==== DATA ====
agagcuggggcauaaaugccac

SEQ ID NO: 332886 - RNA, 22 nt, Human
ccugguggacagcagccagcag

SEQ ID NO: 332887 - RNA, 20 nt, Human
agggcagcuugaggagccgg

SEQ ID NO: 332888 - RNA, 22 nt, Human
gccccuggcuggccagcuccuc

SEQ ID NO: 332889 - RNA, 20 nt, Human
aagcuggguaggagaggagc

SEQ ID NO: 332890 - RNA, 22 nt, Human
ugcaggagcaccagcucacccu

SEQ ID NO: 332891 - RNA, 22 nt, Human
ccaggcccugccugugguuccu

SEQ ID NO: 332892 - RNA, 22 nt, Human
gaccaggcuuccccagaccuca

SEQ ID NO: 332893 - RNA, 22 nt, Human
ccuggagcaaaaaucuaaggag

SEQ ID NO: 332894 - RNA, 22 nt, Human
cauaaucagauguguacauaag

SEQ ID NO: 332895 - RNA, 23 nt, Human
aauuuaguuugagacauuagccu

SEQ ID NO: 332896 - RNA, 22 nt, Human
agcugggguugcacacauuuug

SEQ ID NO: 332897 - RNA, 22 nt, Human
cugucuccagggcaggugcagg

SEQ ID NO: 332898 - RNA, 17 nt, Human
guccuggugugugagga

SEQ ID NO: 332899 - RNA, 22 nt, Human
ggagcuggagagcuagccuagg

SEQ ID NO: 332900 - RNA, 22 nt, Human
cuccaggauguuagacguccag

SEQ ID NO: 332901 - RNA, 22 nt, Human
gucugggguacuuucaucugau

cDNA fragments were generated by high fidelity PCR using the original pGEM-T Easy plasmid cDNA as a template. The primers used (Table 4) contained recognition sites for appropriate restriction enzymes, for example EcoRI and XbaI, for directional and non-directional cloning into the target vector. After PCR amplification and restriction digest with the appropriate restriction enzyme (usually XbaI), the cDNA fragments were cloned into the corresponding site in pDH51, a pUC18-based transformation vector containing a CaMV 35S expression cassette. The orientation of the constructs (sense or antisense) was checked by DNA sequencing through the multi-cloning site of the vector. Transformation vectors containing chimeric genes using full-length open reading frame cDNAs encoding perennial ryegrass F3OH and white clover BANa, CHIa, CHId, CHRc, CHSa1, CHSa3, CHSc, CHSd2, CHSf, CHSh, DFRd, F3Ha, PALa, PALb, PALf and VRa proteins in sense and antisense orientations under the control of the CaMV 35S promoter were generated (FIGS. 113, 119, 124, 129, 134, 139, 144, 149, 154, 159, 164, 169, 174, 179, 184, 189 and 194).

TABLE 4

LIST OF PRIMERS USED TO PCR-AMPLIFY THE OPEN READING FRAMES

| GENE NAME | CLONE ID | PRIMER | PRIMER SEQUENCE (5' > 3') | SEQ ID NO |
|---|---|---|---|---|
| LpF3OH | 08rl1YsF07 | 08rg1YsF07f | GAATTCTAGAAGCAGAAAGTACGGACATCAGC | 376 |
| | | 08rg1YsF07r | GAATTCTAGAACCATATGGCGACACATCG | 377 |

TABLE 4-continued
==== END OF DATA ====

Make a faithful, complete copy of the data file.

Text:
agagcuggggcauaaaugccac

SEQ ID NO: 332886 - RNA, 22 nt, Human
ccugguggacagcagccagcag

SEQ ID NO: 332887 - RNA, 20 nt, Human
agggcagcuugaggagccgg

SEQ ID NO: 332888 - RNA, 22 nt, Human
gccccuggcuggccagcuccuc

SEQ ID NO: 332889 - RNA, 20 nt, Human
aagcuggguaggagaggagc

SEQ ID NO: 332890 - RNA, 22 nt, Human
ugcaggagcaccagcucacccu

SEQ ID NO: 332891 - RNA, 22 nt, Human
ccaggcccugccugugguuccu

SEQ ID NO: 332892 - RNA, 22 nt, Human
gaccaggcuuccccagaccuca

SEQ ID NO: 332893 - RNA, 22 nt, Human
ccuggagcaaaaaucuaaggag

SEQ ID NO: 332894 - RNA, 22 nt, Human
cauaaucagauguguacauaag

SEQ ID NO: 332895 - RNA, 23 nt, Human
aauuuaguuugagacauuagccu

SEQ ID NO: 332896 - RNA, 22 nt, Human
agcugggguugcacacauuuug

SEQ ID NO: 332897 - RNA, 22 nt, Human
cugucuccagggcaggugcagg

SEQ ID NO: 332898 - RNA, 17 nt, Human
guccuggugugugagga

SEQ ID NO: 332899 - RNA, 22 nt, Human
ggagcuggagagcuagccuagg

SEQ ID NO: 332900 - RNA, 22 nt, Human
cuccaggauguuagacguccag

SEQ ID NO: 332901 - RNA, 22 nt, Human
gucugggguacuuucaucugau

cDNA fragments were generated by high fidelity PCR using the original pGEM-T Easy plasmid cDNA as a template. The primers used (Table 4) contained recognition sites for appropriate restriction enzymes, for example EcoRI and XbaI, for directional and non-directional cloning into the target vector. After PCR amplification and restriction digest with the appropriate restriction enzyme (usually XbaI), the cDNA fragments were cloned into the corresponding site in pDH51, a pUC18-based transformation vector containing a CaMV 35S expression cassette. The orientation of the constructs (sense or antisense) was checked by DNA sequencing through the multi-cloning site of the vector. Transformation vectors containing chimeric genes using full-length open reading frame cDNAs encoding perennial ryegrass F3OH and white clover BANa, CHIa, CHId, CHRc, CHSa1, CHSa3, CHSc, CHSd2, CHSf, CHSh, DFRd, F3Ha, PALa, PALb, PALf and VRa proteins in sense and antisense orientations under the control of the CaMV 35S promoter were generated (FIGS. 113, 119, 124, 129, 134, 139, 144, 149, 154, 159, 164, 169, 174, 179, 184, 189 and 194).

TABLE 4

LIST OF PRIMERS USED TO PCR-AMPLIFY THE OPEN READING FRAMES

| GENE NAME | CLONE ID | PRIMER | PRIMER SEQUENCE (5' > 3') | SEQ ID NO |
|---|---|---|---|---|
| LpF3OH | 08rl1YsF07 | 08rg1YsF07f | GAATTCTAGAAGCAGAAAGTACGGACATCAGC | 376 |
| | | 08rg1YsF07r | GAATTCTAGAACCATATGGCGACACATCG | 377 |

TABLE 4-continued